Evolutionary Economics

“Let us try to teach generosity and altruism, because we are born selfish. Let us understand what our own selfish genes are up to, because we may then at least have the chance to upset their designs, something that no other species has ever aspired to do.”                                                                                               

                                                                                      - Richard Dawkins, The Selfish Gene

In the broad sense, “evolutionary” loosely denotes a concern with tansformation, innovation, and development, and an approach inspired by Darwin’s theory of biological evolution.  Modern evolutionary economics has come a long way from its beginnings in the writings of a few economists in the 1970s and 1980s. Although there is still not a consensus in the principles of evolutionary economics, it is clear that evolutionary economists focus on ideas like complexity, economic dynamics and bounded rationality. Instead of assuming that people behave rationally, evolutionary economics pinpoints complex psychological factors as key drivers of the economy.


There are two main currents in evolutionary economics nowadays. One begins by questioning the assumption of homo economicus, a rational agent that choses those actions that yield the best balance of rewards versus costs. Real human beings behave in a very different way. Of course, it’s not enough to say that we fail to measure up to the lofty standards assumed by the rational choice theory. Evolutionary economists goes further by understanding in what ways our behavior deviates from ‘perfect rationality’ and why we evolved to behave in these ways. In the last couple of decades the fields of evolutionary psychology and behavioral economics have been making great strides in answering such questions.The second current in evolutionary economics is ‘Universal Darwinism’. The main idea behind this is that we can generalize Darwin’ theory to explain not only biological evolution, but also other fields. Darwin’s basic insight has a lot of value when, for instance, considering the dynamics of economic agents competing in the market. In biological organisms evolutionary ‘fitness’ is maximized when they increase their chances of survival and reproduction. Similarly, Firms also have fitness, which is maximized when they increase their revenues and cut costs.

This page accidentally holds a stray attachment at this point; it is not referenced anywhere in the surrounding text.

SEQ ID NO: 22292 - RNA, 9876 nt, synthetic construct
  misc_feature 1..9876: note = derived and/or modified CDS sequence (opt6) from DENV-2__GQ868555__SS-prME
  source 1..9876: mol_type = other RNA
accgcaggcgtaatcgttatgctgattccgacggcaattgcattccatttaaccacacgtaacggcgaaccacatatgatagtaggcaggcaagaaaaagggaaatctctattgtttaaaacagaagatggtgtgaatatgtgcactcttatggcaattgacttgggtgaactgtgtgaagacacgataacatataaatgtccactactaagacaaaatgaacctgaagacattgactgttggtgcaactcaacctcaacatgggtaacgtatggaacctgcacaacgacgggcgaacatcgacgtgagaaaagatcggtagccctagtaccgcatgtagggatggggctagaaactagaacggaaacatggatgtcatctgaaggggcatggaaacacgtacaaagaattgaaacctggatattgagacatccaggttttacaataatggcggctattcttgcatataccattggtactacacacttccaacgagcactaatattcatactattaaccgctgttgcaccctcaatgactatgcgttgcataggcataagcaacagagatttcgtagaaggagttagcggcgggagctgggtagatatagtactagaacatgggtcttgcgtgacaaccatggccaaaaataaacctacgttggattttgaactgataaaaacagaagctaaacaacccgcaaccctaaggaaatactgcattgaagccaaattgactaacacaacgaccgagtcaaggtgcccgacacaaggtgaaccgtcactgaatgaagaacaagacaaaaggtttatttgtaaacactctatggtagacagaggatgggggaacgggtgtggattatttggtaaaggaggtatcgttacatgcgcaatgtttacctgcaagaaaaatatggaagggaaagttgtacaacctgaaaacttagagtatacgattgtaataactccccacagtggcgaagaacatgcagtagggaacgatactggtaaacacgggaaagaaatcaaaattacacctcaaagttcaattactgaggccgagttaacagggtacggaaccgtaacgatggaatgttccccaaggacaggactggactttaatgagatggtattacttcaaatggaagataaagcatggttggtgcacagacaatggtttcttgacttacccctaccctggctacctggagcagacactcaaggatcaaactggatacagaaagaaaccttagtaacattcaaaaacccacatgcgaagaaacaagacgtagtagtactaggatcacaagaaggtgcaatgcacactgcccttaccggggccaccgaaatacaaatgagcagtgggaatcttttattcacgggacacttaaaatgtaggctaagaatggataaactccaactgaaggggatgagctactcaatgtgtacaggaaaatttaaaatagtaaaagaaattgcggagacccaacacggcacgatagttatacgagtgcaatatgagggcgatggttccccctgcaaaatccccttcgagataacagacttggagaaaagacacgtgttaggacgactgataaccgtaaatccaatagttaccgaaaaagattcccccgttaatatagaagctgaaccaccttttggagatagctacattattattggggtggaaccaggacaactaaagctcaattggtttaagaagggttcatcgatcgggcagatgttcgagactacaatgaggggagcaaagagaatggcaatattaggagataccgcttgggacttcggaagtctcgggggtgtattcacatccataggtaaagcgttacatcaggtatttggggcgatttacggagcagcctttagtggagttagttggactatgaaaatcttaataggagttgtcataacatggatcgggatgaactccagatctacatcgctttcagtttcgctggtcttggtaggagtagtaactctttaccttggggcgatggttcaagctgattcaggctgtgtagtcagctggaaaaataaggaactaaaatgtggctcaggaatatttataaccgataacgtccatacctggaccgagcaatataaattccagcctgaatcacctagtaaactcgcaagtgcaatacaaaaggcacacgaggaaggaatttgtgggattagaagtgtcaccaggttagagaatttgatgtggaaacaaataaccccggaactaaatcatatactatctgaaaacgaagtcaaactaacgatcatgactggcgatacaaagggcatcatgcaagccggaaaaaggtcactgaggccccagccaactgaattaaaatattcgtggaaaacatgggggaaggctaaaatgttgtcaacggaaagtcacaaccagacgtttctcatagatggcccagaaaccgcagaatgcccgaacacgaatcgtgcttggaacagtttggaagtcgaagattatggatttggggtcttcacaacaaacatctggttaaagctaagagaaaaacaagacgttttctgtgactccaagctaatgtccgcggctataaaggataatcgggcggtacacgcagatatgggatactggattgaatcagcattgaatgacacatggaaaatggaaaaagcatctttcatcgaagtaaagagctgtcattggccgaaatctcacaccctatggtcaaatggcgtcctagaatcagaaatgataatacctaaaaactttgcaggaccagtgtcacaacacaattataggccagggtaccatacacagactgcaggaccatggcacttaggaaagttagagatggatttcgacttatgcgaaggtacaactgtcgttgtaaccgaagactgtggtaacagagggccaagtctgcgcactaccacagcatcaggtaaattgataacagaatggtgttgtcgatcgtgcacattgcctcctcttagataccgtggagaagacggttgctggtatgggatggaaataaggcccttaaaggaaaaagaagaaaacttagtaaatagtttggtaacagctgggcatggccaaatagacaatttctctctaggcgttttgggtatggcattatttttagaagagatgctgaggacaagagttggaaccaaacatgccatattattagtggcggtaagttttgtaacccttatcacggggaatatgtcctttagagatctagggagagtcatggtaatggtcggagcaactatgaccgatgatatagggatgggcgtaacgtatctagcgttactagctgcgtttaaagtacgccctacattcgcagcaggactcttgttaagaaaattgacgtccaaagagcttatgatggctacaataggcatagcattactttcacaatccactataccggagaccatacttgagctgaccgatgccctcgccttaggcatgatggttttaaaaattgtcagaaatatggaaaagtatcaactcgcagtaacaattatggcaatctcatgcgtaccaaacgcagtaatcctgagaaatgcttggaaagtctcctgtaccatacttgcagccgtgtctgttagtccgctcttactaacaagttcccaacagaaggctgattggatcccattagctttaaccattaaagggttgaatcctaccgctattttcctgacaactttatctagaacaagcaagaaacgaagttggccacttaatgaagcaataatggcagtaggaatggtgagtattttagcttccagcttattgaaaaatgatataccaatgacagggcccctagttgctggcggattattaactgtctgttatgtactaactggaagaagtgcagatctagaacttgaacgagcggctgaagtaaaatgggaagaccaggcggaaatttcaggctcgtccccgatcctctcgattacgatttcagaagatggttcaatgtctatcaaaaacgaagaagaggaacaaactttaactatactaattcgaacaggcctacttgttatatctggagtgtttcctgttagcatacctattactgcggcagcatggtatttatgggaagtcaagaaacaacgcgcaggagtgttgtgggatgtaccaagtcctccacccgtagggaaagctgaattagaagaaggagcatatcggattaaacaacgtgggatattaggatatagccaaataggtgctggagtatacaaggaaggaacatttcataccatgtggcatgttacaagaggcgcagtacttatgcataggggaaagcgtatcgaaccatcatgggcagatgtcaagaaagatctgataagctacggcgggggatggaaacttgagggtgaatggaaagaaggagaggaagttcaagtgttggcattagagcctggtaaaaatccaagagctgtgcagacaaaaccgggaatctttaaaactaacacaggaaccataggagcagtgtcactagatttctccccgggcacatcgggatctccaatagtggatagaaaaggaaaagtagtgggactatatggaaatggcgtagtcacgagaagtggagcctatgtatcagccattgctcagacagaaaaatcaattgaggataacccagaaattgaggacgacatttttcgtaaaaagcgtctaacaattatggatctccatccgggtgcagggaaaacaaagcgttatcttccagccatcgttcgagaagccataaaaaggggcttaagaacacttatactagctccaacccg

One major problem faced by the current research in evolutionary economics is probably that, because it has inspired research in many different areas in business studies and social science, these have become specialized and fragmented. Hence, forming a sufficiently developed core-theory may help to promote greater conversation in the field. Nevertheless, being an emerging wave of thinking, evolutionary economics has provided important insights. Firstly, it highlights that failure is as important as success - failure paves the way to economic prosperity by encouraging further developments and higher efficiency. Moreover, it teaches us that it takes time for a market, or a society, to adjust, evolve and develop, so being patient is as important as actively trying to improve the current economic system.



Nudge: Improving Decisions About Health, Wealth and Happiness

Richard Dawkins

The Selfish Gene

A classic exposition of evolutionary thought

Anatomy Drawing

Arthur Gandolfi, et al

Economics as an Evolutionary Science: From Utility to Fitness

Translating the economic concept of utility into the biological concept of fitness


Cambridge Core

Comprehensive overviews of the major building blocks of evolutionary economics across micro, meso and macro domains of analysis

Underwater Scuba Diving


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Jason Collins Blog

Research focus on intersection of economics and evolutionary biology 

Underwater Scuba Diving